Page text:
Billing or Nothingness: Ransomware as an Existential Threat

Billing or Nothingness: Ransomware as an Existential Threat

Three weeks ago, DLA Piper was brought to its knees by the Petya ransomware virus. The firm, one of the largest law firms in the world with over 4,000 lawyers across 40 countries, was forced to shut down its internal computer systems and phone network to prevent Petya’s spread. It was an almost total shutdown and costs could easily be in the millions—and the aftermath is still playing out.

Such attacks pose an existential threat for law firms and legal professionals, where the ability to prevent and recover from ransomware can be the difference between billing and nothingness.

Ransomware Brings Regular Operations to a Halt

DLA Piper was hit by the Petya ransomware attack on June 27th, with the attack quickly encrypting the firm’s valuable files, then holding them for hostage. That morning, attorneys in DLA Piper’s Madrid office saw Petya’s message flash across their screen: “Ooops, your important files are encrypted.”

“Nobody can recover your files,” the message continued, “without our decryption device.”

Ooops indeed.

Soon, workstations at DLA Piper offices across the globe were going dark in an attempt to stop the malware’s spread. It wasn’t until July 3rd, six days after the initial attack, that DLA Piper’s email was brought back online. On July 10th, almost two weeks after the attack, the firm announced “we have brought our email and other tools central to client services safely back online, and are now bringing other major systems online in a secure manner as well.”

The cost in lost billable hours alone could be staggering. And there’s no guarantee that a cyberinsurance policy will cover those losses.

Jean Paul Sartre, existentialist philosopher, author of “Being and Nothingness: An Essay on Phenomenological Ontology,” and, who knows, maybe a cyberterrorist.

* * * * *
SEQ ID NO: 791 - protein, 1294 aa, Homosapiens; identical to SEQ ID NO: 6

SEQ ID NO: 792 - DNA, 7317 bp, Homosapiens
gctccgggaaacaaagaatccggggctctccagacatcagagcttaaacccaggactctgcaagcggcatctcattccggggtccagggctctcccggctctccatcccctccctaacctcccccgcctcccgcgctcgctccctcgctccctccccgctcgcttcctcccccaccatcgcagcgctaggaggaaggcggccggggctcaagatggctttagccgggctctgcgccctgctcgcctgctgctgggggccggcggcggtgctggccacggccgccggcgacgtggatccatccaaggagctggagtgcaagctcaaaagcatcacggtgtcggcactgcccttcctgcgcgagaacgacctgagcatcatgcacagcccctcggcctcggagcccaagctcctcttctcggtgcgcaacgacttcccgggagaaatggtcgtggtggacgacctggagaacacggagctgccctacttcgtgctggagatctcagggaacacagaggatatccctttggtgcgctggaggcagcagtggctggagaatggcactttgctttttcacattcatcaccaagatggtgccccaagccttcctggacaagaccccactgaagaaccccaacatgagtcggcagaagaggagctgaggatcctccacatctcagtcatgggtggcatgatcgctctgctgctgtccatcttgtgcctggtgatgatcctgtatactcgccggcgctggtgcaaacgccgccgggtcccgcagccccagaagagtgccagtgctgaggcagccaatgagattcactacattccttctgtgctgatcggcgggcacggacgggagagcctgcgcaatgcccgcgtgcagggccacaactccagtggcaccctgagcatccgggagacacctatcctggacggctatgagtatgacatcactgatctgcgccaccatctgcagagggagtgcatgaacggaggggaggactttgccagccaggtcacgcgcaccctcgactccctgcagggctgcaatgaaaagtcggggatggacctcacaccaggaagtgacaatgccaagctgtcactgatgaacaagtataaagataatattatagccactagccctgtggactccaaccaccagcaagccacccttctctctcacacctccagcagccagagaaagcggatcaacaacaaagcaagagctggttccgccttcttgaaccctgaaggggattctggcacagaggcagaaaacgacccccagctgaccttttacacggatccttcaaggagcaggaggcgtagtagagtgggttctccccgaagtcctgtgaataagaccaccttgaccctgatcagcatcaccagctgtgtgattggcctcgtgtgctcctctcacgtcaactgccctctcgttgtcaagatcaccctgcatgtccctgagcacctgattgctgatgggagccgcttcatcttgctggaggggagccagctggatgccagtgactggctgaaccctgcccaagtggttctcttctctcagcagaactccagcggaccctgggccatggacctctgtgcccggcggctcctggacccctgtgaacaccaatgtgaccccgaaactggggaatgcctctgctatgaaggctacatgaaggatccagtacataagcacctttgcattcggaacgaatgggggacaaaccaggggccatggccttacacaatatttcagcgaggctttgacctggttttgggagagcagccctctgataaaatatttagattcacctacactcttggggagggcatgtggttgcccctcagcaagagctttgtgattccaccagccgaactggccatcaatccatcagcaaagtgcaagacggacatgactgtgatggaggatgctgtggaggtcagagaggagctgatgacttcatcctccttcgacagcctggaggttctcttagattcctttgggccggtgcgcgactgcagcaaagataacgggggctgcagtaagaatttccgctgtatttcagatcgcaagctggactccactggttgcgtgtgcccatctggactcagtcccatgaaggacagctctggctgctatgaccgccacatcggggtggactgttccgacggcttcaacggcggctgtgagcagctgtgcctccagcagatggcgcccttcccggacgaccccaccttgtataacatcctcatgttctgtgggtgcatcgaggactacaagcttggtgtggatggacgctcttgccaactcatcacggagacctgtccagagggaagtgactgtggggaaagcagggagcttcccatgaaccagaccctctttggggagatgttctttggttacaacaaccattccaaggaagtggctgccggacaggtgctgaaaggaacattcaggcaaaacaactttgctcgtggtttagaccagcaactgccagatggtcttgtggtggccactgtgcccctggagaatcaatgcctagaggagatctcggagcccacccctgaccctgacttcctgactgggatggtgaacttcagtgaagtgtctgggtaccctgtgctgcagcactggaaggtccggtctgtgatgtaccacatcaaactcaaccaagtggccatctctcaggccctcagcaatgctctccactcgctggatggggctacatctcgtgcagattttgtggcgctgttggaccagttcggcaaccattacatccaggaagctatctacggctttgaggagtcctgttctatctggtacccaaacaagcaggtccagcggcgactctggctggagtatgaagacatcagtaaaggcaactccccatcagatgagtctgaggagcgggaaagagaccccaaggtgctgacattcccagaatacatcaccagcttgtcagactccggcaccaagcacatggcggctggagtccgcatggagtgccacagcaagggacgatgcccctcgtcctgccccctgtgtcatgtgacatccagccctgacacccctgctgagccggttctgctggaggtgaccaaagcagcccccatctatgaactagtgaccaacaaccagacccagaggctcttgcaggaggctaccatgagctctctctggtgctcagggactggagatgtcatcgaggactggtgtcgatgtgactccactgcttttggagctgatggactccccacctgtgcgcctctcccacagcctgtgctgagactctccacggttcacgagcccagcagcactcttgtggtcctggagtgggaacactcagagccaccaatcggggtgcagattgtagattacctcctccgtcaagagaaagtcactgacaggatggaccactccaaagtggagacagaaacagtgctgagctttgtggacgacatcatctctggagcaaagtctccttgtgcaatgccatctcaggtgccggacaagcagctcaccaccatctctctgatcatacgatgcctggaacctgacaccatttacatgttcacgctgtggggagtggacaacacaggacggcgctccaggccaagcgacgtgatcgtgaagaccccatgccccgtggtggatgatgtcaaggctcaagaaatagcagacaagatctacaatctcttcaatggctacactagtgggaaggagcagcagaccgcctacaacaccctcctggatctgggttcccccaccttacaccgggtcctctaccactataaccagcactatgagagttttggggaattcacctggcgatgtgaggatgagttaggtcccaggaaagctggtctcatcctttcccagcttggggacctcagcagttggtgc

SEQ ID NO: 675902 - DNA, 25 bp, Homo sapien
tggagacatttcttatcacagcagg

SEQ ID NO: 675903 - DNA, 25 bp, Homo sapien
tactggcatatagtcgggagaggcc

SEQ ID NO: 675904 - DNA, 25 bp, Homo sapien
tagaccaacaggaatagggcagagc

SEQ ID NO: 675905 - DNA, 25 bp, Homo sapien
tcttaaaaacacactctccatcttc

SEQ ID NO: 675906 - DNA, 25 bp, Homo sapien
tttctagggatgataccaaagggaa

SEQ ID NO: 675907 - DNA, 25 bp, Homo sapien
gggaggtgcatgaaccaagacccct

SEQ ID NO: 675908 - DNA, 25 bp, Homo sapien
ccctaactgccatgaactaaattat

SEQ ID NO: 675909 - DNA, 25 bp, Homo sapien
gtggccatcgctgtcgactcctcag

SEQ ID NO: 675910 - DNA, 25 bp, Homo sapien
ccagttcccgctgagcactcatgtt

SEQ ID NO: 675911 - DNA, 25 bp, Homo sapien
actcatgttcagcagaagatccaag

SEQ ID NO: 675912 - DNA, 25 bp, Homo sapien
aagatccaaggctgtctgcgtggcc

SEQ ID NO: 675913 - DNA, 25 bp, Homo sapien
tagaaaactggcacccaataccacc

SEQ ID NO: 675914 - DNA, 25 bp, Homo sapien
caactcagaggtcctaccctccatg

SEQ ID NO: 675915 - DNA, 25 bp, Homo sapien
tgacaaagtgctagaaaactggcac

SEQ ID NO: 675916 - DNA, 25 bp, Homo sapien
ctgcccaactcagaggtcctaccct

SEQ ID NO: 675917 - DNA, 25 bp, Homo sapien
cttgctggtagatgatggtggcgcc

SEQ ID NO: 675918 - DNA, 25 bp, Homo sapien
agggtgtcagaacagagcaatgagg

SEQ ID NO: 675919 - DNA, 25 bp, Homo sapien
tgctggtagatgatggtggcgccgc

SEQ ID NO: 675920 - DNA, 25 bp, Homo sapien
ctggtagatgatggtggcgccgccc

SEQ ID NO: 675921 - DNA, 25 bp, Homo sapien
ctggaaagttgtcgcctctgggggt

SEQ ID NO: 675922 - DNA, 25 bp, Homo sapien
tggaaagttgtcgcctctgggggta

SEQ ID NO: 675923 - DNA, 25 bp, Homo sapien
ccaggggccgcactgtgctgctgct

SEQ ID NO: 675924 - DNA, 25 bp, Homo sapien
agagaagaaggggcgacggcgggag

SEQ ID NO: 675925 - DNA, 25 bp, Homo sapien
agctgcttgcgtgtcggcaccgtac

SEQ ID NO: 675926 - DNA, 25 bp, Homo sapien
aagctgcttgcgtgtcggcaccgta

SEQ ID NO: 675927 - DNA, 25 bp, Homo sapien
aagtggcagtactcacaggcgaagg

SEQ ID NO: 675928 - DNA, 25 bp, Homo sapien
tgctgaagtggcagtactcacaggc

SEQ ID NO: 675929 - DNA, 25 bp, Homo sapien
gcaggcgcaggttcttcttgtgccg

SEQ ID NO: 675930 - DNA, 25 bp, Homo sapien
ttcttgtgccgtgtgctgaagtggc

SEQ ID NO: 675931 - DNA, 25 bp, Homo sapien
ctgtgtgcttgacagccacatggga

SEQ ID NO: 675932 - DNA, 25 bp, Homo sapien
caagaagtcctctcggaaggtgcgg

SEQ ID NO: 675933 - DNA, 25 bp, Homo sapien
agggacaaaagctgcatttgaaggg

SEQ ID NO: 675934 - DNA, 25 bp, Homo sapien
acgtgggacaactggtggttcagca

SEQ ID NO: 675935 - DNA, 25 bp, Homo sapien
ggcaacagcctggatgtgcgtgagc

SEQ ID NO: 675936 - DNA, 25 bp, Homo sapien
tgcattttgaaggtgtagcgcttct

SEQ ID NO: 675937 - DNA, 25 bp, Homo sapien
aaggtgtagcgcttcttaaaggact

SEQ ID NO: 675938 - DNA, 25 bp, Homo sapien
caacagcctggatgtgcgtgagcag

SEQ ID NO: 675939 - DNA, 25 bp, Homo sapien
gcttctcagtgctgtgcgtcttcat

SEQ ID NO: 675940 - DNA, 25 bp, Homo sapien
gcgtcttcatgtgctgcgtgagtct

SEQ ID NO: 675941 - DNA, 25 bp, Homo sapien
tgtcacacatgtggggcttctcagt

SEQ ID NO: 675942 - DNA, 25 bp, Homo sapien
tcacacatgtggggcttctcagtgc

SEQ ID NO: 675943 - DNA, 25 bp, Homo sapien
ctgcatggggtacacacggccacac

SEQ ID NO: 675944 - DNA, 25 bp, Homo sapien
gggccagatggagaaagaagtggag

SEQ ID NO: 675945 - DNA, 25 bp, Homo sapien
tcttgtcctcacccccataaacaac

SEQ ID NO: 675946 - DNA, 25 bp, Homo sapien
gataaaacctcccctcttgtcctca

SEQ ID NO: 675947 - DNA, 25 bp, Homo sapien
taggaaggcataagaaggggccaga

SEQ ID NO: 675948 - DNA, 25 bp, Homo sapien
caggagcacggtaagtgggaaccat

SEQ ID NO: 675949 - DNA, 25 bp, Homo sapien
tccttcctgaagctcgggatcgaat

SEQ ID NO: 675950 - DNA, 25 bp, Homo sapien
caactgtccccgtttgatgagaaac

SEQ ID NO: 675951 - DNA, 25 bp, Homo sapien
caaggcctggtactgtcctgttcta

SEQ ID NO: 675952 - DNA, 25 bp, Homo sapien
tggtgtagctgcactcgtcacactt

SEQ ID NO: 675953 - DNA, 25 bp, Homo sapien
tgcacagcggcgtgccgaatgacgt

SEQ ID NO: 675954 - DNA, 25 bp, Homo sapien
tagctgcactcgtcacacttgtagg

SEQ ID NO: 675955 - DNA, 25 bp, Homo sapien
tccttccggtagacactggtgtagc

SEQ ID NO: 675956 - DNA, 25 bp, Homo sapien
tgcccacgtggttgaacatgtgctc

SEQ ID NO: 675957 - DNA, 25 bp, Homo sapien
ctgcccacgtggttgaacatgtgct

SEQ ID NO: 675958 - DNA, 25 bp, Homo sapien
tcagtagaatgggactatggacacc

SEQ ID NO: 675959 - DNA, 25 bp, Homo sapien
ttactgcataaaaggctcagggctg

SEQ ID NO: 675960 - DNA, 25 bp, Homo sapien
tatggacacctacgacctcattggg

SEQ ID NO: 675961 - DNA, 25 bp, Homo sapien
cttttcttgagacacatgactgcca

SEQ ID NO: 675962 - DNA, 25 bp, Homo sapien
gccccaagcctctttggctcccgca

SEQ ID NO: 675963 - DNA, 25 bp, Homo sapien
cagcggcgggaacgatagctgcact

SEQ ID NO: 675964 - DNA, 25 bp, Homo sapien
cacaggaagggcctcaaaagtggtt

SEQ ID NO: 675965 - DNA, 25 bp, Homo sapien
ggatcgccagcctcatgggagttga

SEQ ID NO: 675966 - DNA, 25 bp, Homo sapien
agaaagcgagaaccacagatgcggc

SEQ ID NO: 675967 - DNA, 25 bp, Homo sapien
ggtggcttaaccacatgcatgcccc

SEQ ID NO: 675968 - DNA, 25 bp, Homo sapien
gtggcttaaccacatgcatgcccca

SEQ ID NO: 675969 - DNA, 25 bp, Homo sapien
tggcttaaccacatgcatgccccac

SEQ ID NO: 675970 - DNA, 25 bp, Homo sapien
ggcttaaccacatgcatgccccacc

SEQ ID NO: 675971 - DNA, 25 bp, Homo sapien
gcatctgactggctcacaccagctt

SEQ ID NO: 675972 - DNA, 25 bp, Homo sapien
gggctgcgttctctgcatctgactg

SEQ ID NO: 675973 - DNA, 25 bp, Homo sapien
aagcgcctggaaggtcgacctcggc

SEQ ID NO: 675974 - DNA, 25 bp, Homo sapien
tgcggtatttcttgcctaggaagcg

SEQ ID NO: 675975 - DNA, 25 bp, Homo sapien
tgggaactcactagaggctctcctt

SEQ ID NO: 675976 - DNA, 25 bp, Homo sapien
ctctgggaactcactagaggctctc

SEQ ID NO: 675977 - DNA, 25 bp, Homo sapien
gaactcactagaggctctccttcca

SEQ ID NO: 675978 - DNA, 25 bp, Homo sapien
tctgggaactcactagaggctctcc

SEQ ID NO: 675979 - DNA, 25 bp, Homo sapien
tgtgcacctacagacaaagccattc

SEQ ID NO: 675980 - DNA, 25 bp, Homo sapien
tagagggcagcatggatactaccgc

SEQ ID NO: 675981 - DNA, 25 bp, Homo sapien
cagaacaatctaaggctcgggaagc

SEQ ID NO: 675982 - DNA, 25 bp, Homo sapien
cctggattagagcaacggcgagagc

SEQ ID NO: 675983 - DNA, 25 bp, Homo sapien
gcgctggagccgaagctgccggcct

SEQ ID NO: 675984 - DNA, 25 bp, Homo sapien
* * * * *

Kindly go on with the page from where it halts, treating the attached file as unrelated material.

DLA Piper isn’t the only major organization, and certainly not the only law firm, to fall victim to such an attack. Moses Afonso Ryan, a 10-attorney firm in Rhode Island, fell victim to a ransomware attack. For three months the firm says it was "unproductive and unable to work at reasonable efficiency."

Which is what makes these attacks so terrifying: they could happen to almost any firm, halting the firm’s ability to do business for days, weeks, or months.

It’s an existential threat all attorneys should be paying attention to. As Sartre said, “L’enfer, c’est le ransomware.”

Thankfully, when it comes to protecting against potential attacks, you’re not alone in an irrational, meaningless universe. There are steps lawyers, and their corporate clients, can take to make sure that when the next Petya comes, they’re protected. Logikcull is here to help out.

Join us for a webinar on “Protecting Against Petya: Ransomware and the Future of Law Firm Cybersecurity” on Thursday, July 27. Featuring Bryan Focht, an attorney at Stiles, Byrum & Horne, LLP and author of “The Cyber Advocate” blog, and Olga Mack, General Counsel at ClearSlide and a lecturer at the U.C. Berkeley School of Law (Boalt Hall), the webinar will address:

  • The recent history of cyberattacks against law firms large and small
  • The potential consequences of a successful hack
  • Cybersecurity protections GCs demand from their outside counsel
  • Ways attorneys can protect themselves against ransomware and other cyberattacks

Save your spot today—before the next big ransomware attack hits.

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